Working Toward Educational Equity, One Laptop at a Time

December 7, 2021

When Congress passed the Bipartisan Infrastructure Deal in November, it included the passage of a plan to deliver $65 billion to help ensure universal access to or affordability of reliable high-speed internet. The White House proclaimed that this would help close the digital divide.

Not completely, though.

Internet is Not Enough

I applaud this funding, but unfortunately, the lack of internet is only part of the reason that the digital divide is creating an achievement gap among students in the United States. All the broadband in the world won’t help if a child is sitting at home with nothing to connect it to. These kids need devices too.

I know this is a problem not only because I witnessed it in my classmates, but also because of the conversations I’ve had with some of the recipients of over 500 devices I’ve distributed to kids who needed them for homework or remote learning, through the nonprofit I founded, Including You.

I was in 6th grade at a Manhattan public school when the pandemic hit and schools closed. I knew it would be a problem for some of my classmates, who didn’t have cell phones or laptops and already had to do computer homework at school during recess. With schools shut down, these kids were suddenly deprived of the opportunity to learn at all. They simply didn’t have the computers and/or the internet access needed to be educated online.

Sure enough, these kids disappeared, their faces never to appear on Zoom, and teachers would frequently ask if anyone had heard from them. Soon they stopped asking.

The Girl Who Inspired a Movement

Then, in October of last year, at a time when the NYC DOE reported that 77,000 students still lacked the devices they needed for remote learning, I read a New York Daily News article about Kimani, whose school threatened to report her mom for “educational neglect” for failing to appear to enough online classes –even though they knew she was on a waiting list to receive a device. I reached out to the reporter to ask for her contact information and a few days later, my parents and I drove out to the Bronx to meet Kimani and her mom and give her a laptop I bought using Girl Scout award money. The Daily News covered that, too, and soon after, I was flooded with requests for donations – and approached by many kind people wanting to join the cause.

Daisy and Kimani

Some stories particularly touched my heart – the high schooler whose dad left his phone home each day for her and her brother to share for school, and who couldn’t finish her AP exam when the phone glitched; the 20 kids with hearing impairment whose parents couldn’t communicate in sign language, about to be cut off from the only people with whom they could converse when it was time to turn in the school-issued computers; the mom who left everything behind to escape with her kids to a domestic violence shelter, causing her already-traumatized kids to miss out on the comforting normalcy of remote school; the newly-arrived immigrant whose parents didn’t know how to get a device from school. The foster child with no one to advocate for her until an agency stepped in and reached out for a device.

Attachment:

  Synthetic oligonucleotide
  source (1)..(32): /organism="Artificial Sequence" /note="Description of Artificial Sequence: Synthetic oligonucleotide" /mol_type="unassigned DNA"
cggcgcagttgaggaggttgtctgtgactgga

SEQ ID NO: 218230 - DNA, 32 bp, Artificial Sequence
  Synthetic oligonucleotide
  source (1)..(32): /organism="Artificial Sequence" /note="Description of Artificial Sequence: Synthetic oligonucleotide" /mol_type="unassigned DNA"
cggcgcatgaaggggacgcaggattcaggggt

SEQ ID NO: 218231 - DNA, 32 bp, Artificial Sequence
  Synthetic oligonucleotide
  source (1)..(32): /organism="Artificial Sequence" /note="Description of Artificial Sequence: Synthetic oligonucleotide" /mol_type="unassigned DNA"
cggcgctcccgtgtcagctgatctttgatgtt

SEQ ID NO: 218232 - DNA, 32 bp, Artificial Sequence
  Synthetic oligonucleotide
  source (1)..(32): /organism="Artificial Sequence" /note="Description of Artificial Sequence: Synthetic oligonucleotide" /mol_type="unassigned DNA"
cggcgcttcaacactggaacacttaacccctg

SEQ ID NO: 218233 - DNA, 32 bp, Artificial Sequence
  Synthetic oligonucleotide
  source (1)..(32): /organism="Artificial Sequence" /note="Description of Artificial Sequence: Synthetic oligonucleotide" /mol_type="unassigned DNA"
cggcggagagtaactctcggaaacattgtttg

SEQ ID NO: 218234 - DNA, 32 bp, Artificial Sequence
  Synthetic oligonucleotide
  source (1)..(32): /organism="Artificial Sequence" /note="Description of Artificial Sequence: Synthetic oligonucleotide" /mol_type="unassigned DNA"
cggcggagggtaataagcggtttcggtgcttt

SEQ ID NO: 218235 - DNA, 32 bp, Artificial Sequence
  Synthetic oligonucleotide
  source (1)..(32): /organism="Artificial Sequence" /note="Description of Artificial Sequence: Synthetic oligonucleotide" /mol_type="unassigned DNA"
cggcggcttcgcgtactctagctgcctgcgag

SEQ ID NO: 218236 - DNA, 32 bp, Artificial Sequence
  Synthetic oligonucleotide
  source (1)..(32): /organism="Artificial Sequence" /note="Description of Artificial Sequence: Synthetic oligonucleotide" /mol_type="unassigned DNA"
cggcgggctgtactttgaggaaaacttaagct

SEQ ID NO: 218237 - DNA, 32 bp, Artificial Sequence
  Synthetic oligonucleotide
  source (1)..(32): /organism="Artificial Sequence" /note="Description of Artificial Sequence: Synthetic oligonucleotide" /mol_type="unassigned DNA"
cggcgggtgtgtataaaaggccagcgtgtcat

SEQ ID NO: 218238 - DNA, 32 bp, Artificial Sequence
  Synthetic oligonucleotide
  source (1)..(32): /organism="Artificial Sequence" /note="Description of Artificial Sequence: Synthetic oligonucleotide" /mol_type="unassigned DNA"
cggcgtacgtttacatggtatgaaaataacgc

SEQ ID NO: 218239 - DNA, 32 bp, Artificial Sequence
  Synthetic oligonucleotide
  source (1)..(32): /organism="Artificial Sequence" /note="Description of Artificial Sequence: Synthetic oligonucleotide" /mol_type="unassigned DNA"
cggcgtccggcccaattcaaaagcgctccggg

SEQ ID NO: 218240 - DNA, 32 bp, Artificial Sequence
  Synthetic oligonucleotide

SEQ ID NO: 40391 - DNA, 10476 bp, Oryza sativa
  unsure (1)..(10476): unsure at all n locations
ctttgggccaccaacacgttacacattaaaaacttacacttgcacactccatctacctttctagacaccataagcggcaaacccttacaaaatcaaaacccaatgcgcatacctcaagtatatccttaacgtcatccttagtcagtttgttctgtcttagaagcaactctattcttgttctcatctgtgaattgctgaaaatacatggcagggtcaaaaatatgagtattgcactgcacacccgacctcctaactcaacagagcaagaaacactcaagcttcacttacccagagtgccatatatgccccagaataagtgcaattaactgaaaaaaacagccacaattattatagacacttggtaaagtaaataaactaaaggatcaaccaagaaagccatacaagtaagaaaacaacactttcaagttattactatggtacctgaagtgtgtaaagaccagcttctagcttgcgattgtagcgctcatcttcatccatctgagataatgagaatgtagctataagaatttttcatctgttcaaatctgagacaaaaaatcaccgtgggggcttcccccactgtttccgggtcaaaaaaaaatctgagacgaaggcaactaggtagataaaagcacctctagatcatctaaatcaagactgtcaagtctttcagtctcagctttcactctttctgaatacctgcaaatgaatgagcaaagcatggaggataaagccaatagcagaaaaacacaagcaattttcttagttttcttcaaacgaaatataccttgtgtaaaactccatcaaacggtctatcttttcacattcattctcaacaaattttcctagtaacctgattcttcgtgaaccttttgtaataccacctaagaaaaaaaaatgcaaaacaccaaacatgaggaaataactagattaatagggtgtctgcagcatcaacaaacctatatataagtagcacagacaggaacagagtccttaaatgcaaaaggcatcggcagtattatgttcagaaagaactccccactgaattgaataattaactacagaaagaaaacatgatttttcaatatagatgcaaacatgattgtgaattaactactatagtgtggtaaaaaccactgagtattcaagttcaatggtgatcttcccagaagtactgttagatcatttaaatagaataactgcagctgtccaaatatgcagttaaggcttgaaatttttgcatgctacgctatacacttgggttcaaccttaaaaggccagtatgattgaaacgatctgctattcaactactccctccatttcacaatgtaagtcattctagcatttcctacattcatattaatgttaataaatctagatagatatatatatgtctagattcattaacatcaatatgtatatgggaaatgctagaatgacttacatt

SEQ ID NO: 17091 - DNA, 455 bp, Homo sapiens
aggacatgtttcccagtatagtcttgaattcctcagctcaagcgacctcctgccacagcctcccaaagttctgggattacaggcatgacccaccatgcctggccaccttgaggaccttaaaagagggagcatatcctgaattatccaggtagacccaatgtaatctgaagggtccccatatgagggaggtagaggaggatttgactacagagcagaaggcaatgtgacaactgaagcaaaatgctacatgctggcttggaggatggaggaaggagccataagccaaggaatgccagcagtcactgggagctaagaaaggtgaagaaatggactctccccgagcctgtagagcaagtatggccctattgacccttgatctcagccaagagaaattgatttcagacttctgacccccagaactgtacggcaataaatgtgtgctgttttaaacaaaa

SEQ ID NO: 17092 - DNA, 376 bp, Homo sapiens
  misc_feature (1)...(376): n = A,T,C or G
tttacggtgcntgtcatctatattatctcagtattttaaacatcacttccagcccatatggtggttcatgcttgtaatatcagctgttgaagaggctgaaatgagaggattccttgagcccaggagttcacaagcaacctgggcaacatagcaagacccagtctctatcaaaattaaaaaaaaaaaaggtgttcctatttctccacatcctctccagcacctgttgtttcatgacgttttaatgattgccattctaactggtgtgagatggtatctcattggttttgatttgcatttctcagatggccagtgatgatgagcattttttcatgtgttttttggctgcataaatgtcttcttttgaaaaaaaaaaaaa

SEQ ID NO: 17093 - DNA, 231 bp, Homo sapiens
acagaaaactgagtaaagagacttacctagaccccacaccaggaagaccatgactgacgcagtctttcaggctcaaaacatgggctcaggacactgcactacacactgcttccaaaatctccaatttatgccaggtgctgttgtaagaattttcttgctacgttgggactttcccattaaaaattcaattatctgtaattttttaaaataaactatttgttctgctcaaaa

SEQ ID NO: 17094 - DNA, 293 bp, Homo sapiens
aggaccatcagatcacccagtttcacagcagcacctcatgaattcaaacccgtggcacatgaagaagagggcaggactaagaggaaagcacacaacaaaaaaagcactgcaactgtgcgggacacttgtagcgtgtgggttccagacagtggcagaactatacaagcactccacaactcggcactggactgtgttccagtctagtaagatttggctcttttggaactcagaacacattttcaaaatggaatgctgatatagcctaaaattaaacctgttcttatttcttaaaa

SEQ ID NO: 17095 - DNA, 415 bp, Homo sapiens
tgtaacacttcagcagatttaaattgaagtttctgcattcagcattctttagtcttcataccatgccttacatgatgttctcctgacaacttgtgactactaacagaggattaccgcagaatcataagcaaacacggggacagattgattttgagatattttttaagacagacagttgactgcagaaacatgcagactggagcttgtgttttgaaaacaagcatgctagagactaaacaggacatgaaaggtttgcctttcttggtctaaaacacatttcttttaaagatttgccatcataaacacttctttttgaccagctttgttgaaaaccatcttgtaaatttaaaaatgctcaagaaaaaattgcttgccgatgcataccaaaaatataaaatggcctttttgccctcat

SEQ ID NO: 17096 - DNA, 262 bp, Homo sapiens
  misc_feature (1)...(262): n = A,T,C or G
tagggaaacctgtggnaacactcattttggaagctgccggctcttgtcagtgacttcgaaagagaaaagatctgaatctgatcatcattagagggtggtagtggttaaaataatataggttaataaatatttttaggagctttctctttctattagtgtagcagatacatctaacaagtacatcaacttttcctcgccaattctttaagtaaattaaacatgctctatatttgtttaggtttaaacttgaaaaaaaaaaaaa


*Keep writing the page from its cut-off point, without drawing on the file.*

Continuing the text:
More Than a Remote Learning Problem

Broadband will not help the 25% of low-income kids in America who lack a home computer. It won’t lessen the embarrassment and worry of the 6th grader, like one of my best friends at my old school, confronted with online homework for the first time and unsure of how to handle this unexpected disparity. Broadband won’t even the playing field for the high schooler typing his research paper on a cell phone. It won’t boost the chances for getting into college for the senior juggling homework with college applications during the few hours a week they can get onto a computer at the public library.

Just two weeks ago, I delivered 30 laptops to a middle school in the Bronx after its PTA President reached out to me. They needed devices for many of their students—a great many of whom live in homeless shelters--to complete their homework. All of the kids had access to the internet, but what they lacked was a computer to do homework assigned via Google Classroom, and many were falling behind.

These are the faces behind the statistics. And we have to do more to help them.

How We Can Help

Much of my ability to get devices to those who need them has been powered by the generosity of individuals – kind people who donated to my GoFundMe or who stopped by my apartment with laptops that needed a new home. I’ve also been grateful for laptop donations from or promotion of my efforts by a few corporations. But I am asking the corporate sector to do more.

Offices throughout the country sit empty, and some may never reach the same capacity again. I ask them: If you have devices that you no longer need, don’t let them languish in storage, or get disposed of– donate them to an organization like mine! PTAs can organize drives and gather used, cleaned devices to provide to students at their schools who need them. Let’s work together to get a device into the hands of every student in the United States who needs it.

Tech equity is educational equity.

Written by

Daisy Hampton

Daisy Hampton is 12 years old and an 8th Grader in New York City. She is the founder of Including You, a peer-to-peer mentoring and philanthropic organization. Daisy is the recipient of the 2020 NYC Service Mayoral Recognition Youth Impact Award and a Diana Award and was named a GoFundMe Hero for her work to promote digital inclusion.